Warning: The piece discussed in this post contains themes of transphobia, sexual assault, and suicide.
Acceptance is a video game about being transgender. It’s short, it’s simple, and it’s painful. It’s the kind of game that you won’t enjoy, no matter how you play, but that you ought to play anyway.
To back up a bit, in 2014 a transgender teenager named Leelah Alcorn committed suicide after publishing a harrowing note onto her personal Tumblr page. The note was quickly passed around as thousands of people mourned her death and raged against the forces that took a young girl down such a path. Leelah’s death became something of great interest in the media for a time and conversations about various trans issues were given a spotlight. All too quickly though, they quieted back down and Leelah’s name returned to relative obscurity. For many, that was unacceptable.
Thus in 2015, Matthew Boucher and Kara Jayne organized the JamForLeelah, a month long game jam for charity that focused on LGBTIQ issues in remembrance of Leelah Alcorn. For anyone unfamiliar, a game jam is a short game making challenge in which people attempt to make complete video games within the time allotted. One team within this jam was the group that put together Acceptance. This small team of 4 adapted an existing Twine story to a visual novel engine called RenPy in order to make a piece of interactive fiction that would help people understand what exactly life is like for trans folk. And, you guys?
It’s one of the most powerful pieces of interactive fiction I’ve ever had the honor of reading.
Full disclosure, I am a cisgender woman. The gender the doctors gave me at birth happened to be accurate. As such, I do not, can not, and will never truly understand what it is like to live the life of a person who was assigned an inaccurate gender. That being said, Acceptance doesn’t care. From the start, this game lays out its exact aim in a disturbing couple of sentences:
“So, you’re a WOMAN?”
“No, you’re not.”
“You might think you’re a WOMAN, you might have always thought that you were a WOMAN.”
“I’m sorry, but you’re a MAN. You’re a MAN, and I’m going to do everything in my power to make sure you learn that fact.”
And so the game begins. It takes you through what might be a perfectly average day for a trans person. You wake up, go out, have a few interactions throughout your day, and everywhere you go there are reminders that you’re not the gender you claimed to be at the start of the game.
To give an example, in every playthrough you will go to the movies and end up needing to use the bathroom. You’re given the options of the men’s room, the women’s room, and a disabled bathroom. In my playthrough, I decided to use the women’s room as, again, I am a woman. Within moments of entering the stall, the game tells me someone muttered the word, “Ladyboy.” Then, someone brings in a man to yell at me about how I’m a sick degenerate and that he’ll bring security if I don’t leave the bathroom immediately. The tone the man uses is so aggressive, so purely angry that it’s striking. The writers were able to genuinely get across hate in such a sadly accurate way, and that’s only one part of the game. I won’t give spoilers as I feel this is a game that should be played with as little prior knowledge as possible, but I will say that it only gets worse from there.
A particularly poignant mechanic is what I’ll be calling the “give up” mechanic. After every major point in the game, you’re given the option to give up. In fact, I’d say you’re encouraged to. A dark screen covered in blue writing will pop up, forcing you to either click “continue” or one of the numerous options for “give up.” Again, no spoilers, but I will say that being presented with this choice so constantly is one of the most distressing aspects of this work. It helps to underscore the constancy of the problems you face and reinforces the idea that what you experience is so powerful that it can, and does, make people “give up” in real life. Thus, it adds a layer of strength and depth to the thematic elements of this work in a uniquely disheartening way.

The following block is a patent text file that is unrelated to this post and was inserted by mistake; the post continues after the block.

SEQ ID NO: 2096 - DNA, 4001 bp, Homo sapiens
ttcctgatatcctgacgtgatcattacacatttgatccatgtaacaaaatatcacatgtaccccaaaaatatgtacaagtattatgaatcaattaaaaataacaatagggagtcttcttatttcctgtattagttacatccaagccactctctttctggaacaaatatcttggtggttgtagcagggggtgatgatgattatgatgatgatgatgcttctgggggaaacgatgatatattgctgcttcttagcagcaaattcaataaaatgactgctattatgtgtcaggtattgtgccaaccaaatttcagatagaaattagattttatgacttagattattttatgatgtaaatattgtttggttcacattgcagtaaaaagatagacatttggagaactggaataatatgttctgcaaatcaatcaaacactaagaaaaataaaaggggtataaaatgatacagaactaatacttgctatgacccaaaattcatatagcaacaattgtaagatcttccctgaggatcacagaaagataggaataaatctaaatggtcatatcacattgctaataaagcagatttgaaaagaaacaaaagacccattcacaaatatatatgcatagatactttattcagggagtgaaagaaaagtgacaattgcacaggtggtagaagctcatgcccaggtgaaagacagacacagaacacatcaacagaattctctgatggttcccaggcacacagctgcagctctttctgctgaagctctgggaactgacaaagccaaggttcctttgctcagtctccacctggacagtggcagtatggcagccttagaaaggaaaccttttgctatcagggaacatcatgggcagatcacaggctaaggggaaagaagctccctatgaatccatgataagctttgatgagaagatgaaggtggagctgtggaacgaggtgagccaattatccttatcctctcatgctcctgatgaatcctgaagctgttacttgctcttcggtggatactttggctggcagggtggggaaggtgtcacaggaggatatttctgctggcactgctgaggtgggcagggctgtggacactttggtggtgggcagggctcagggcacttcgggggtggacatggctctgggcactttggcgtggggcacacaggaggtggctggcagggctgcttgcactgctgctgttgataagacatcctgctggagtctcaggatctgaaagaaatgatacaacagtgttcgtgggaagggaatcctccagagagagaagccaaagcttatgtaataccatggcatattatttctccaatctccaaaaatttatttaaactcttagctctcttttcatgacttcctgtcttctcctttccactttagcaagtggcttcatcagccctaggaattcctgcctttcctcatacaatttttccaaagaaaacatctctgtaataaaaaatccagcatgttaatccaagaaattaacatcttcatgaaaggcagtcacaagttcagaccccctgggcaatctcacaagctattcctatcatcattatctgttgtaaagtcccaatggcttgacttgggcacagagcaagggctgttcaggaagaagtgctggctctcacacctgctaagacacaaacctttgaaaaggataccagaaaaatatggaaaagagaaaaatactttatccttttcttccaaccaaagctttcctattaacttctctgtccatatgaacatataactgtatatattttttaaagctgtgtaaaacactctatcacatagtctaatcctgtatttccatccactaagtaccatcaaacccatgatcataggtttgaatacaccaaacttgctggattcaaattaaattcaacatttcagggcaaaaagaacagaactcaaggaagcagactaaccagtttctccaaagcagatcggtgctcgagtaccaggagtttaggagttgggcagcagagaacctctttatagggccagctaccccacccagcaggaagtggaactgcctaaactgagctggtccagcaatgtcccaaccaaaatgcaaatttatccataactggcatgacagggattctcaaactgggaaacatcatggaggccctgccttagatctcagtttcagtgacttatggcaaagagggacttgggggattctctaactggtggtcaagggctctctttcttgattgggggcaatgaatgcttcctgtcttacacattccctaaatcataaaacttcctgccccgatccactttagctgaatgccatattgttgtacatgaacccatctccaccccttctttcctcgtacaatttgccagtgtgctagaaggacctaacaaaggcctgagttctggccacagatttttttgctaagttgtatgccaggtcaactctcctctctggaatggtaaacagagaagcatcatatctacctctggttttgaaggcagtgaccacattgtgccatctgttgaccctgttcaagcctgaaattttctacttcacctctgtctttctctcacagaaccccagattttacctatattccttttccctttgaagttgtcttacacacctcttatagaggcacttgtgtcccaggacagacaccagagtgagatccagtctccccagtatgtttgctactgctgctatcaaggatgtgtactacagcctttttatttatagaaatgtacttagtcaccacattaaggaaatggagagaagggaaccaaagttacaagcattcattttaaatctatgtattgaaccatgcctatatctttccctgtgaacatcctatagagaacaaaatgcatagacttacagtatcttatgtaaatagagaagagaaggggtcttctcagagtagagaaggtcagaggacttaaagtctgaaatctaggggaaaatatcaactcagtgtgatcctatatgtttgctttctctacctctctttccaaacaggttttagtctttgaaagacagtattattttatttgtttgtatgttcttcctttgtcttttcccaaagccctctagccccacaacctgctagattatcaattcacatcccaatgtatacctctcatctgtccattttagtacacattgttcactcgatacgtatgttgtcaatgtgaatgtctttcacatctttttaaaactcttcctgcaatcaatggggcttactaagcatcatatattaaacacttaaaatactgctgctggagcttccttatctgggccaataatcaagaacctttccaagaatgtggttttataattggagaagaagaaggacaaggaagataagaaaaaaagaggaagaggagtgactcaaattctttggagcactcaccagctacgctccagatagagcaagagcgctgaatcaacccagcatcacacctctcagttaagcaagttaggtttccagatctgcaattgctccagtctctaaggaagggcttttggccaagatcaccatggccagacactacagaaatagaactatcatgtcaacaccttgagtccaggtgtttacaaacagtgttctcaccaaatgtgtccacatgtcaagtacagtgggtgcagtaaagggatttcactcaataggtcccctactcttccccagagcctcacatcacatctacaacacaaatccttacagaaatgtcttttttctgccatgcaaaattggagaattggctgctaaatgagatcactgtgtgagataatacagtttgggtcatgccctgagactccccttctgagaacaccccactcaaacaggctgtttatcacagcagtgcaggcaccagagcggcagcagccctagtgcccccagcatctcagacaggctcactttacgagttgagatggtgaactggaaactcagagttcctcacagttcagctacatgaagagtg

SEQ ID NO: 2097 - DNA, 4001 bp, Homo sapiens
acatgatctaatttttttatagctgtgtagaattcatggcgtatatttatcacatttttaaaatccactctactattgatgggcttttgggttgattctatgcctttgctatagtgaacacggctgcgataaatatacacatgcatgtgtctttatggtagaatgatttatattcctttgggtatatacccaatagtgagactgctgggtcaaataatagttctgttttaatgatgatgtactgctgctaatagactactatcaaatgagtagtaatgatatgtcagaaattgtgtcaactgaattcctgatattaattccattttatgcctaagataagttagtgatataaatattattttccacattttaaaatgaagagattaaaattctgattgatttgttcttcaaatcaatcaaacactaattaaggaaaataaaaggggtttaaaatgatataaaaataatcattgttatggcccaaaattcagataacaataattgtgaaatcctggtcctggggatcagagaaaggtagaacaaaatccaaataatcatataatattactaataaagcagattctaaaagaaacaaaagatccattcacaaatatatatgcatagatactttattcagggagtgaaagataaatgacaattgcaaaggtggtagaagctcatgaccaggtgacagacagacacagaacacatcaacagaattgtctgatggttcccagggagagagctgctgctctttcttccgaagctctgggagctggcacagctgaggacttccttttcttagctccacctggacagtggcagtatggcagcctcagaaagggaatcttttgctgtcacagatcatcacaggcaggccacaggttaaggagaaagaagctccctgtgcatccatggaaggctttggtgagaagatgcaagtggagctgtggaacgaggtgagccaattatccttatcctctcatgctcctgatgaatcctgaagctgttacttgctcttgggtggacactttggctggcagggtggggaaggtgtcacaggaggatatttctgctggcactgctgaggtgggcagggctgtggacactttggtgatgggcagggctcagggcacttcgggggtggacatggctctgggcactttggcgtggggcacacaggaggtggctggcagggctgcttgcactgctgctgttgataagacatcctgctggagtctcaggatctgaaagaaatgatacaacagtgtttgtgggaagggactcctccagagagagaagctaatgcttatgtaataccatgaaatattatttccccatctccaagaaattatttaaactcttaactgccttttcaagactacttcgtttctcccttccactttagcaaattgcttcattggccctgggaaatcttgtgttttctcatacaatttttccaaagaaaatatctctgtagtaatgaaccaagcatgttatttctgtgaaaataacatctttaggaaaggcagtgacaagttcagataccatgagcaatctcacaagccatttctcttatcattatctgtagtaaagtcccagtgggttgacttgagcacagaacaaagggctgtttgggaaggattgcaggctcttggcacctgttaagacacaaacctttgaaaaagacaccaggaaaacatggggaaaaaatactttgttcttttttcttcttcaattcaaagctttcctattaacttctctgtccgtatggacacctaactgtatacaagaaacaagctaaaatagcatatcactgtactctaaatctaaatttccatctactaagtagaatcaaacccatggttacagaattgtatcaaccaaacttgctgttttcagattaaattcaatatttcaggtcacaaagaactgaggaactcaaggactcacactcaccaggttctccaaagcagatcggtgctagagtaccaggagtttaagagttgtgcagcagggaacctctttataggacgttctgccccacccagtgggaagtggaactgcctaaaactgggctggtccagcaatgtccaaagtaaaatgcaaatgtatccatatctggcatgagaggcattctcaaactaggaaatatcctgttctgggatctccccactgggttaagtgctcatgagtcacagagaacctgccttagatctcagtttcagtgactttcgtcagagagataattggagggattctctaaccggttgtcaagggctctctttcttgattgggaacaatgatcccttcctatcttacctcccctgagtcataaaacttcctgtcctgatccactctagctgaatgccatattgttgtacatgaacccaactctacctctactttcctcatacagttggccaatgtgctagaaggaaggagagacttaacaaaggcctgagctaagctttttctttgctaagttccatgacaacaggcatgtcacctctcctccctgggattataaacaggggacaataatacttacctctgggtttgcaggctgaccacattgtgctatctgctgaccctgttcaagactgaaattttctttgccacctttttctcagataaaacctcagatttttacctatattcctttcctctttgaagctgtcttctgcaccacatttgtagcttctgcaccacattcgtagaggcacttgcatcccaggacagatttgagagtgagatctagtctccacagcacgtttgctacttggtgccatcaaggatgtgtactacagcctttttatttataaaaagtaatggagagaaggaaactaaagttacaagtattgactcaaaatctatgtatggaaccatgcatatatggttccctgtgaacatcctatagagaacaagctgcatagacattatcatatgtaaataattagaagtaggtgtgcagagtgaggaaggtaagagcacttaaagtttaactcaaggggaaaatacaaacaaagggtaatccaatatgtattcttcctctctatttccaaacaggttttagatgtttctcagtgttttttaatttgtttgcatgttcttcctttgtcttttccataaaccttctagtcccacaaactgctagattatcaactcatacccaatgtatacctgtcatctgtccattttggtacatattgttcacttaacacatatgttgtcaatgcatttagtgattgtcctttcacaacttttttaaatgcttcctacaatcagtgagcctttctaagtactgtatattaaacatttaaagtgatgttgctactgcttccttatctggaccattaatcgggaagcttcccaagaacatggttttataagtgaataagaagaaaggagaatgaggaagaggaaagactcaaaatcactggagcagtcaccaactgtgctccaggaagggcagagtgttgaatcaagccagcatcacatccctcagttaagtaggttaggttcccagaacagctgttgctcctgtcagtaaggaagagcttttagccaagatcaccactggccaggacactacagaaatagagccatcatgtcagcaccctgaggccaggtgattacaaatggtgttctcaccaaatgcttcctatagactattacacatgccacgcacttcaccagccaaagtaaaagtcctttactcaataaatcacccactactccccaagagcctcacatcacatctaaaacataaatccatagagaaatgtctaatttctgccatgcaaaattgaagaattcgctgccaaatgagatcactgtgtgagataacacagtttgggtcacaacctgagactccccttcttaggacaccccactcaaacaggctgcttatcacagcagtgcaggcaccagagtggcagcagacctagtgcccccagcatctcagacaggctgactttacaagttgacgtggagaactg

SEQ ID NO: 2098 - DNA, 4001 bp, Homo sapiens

The writers of this game, Laura Kate Dale and 8BitGoggles, are both trans and so they know better than anyone what it’s like to be trans. As such, they are able to bring to light more pain and difficulty in a game that took me maybe 20 minutes to play the first time through than any other visual novel game has ever shown me. The tense atmosphere, the aggressive encounters, the chilling music, everything about this game comes together in such a way that I found myself ready to vomit by its end. The thought of people going through the kinds of experiences detailed in this game is horrifying, and that seems to be exactly why this game was made. In an article she wrote for Polygon, Dale wrote, “Acceptance was my attempt to convey some of the struggles of being transgender to people who are not transgender. It’s short and it can be emotionally heavy-hitting, but I feel like it’s an accurate representation of some of the worst days many trans people have to live through just to get help with a recognized medical condition. It’s not about making other people feel bad; it’s about trying to foster a sense of empathy and compassion. It’s about seeing the world through the eyes of someone you may not understand.”
If you’re interested in playing this game it is currently available for download on Itch.io. The download is pay-what-you-like, so you could download it free of charge or pay whatever you feel would be appropriate. It runs on Windows, MacOS, and Linux-running PCs and shouldn’t take longer than 30 minutes to play all the way through. I highly recommend you give this game a shot, even if you don’t like games very much, because this one is so much more than a game. It’s one of the rawest literary works I’ve ever seen and it deserves every second you have to give to it.